This lesson covers the concept of large deflection theory in the context of stability analysis. It explains how to predict critical load for perfect geometry from an imperfect geometry using energy approach. The lesson also discusses the small deflection theory, which refers to small angles of rotation in bend configuration. It then delves into the large deflection theory, using a single degree of freedom system as an example. The lesson further explains how to calculate the total potential energy and how to determine whether a system is in stable or unstable equilibrium. For instance, if the load is greater than the spring constant squared divided by the length, the system is in equilibrium.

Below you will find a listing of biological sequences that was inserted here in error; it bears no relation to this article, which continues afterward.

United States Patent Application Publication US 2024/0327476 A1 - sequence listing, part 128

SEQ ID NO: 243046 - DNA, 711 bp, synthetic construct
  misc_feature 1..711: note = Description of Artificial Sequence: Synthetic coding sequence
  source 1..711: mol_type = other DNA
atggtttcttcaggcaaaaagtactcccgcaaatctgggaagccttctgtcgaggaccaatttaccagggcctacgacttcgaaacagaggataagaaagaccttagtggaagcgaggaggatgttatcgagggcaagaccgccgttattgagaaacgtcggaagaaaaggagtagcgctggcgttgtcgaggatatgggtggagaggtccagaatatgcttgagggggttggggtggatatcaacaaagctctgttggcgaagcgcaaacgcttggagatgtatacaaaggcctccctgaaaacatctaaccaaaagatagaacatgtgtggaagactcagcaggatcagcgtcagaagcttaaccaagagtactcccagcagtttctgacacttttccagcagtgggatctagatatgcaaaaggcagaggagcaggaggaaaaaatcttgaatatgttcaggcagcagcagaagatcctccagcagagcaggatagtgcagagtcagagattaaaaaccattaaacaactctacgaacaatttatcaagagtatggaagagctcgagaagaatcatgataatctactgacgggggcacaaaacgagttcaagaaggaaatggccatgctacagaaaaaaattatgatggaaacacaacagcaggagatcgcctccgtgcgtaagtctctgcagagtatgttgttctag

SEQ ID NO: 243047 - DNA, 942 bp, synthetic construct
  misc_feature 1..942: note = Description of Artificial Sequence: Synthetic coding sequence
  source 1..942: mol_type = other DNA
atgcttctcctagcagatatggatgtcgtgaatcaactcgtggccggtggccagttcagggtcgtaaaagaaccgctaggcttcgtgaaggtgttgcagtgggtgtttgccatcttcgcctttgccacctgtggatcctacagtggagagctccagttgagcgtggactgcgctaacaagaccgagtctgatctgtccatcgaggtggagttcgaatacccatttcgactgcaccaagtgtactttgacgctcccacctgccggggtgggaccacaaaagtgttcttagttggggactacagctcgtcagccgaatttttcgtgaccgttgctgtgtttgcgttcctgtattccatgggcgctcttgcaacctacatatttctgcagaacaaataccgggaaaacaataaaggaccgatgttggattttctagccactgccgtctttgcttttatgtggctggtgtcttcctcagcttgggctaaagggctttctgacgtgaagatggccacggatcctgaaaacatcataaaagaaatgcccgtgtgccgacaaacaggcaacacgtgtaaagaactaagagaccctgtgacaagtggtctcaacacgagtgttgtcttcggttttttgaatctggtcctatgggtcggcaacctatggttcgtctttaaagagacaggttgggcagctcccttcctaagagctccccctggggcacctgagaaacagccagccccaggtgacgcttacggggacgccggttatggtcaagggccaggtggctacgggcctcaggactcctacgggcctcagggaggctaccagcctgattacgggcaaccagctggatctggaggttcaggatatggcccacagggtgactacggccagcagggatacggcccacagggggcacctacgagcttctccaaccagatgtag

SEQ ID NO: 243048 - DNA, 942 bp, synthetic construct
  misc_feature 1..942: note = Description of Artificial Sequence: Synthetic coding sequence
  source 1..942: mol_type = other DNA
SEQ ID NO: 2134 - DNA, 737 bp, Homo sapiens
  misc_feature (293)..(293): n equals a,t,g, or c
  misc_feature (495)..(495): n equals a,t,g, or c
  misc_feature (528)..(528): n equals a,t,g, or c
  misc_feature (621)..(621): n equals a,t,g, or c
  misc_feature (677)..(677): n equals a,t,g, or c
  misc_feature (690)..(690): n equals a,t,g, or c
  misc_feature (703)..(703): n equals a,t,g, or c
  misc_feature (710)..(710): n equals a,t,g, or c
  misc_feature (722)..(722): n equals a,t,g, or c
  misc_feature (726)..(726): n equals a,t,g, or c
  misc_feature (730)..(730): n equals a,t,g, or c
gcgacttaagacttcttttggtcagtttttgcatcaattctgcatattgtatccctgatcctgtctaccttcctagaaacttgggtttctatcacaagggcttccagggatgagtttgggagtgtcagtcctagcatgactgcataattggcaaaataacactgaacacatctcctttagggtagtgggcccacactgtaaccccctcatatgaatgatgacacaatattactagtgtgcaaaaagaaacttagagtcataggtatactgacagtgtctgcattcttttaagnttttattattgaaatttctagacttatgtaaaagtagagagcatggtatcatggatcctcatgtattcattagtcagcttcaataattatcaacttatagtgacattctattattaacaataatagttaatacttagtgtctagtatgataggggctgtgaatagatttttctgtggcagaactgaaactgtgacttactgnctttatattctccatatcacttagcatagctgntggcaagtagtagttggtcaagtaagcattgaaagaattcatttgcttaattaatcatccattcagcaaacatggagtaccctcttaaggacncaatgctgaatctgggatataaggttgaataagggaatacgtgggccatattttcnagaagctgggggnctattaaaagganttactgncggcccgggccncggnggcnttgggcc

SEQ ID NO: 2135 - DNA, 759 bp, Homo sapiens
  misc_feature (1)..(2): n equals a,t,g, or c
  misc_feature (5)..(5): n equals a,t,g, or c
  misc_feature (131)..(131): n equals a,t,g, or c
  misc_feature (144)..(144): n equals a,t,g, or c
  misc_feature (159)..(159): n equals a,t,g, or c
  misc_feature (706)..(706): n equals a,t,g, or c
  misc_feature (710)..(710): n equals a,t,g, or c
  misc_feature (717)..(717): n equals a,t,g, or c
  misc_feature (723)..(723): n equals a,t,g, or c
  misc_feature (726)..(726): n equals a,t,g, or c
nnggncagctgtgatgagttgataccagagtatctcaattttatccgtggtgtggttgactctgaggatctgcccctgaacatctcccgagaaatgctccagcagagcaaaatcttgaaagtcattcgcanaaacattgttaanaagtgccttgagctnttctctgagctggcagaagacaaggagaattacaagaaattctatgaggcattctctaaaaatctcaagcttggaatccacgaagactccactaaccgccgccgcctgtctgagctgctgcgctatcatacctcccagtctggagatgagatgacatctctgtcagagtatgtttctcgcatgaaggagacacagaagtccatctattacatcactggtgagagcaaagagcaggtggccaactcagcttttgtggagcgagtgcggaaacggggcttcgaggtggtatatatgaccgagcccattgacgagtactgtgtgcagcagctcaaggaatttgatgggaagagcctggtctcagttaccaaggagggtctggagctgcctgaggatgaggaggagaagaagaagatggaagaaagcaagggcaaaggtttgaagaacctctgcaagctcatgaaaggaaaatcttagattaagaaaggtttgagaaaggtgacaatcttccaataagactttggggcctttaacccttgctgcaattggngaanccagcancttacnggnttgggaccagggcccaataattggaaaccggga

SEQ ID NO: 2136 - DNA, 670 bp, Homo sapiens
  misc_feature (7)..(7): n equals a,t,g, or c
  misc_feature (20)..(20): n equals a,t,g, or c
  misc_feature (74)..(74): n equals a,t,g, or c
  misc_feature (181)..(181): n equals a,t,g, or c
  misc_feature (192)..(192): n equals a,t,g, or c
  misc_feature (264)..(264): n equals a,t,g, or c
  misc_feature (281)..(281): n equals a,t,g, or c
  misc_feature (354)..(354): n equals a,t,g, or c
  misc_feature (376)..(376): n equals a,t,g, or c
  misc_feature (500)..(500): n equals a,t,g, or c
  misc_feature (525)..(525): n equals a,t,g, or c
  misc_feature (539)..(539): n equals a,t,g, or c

- Small deflection theory refers to small angles of rotation in bend configuration.
- Large deflection theory is used for stability analysis of systems with significant angles of rotation.
- The total potential energy of a system can be calculated to determine its equilibrium state.
- A system is in equilibrium if the load is greater than the spring constant squared divided by the length.
- The magnitude of the load and the angle of rotation are interrelated; if one increases, the other also increases for equilibrium.

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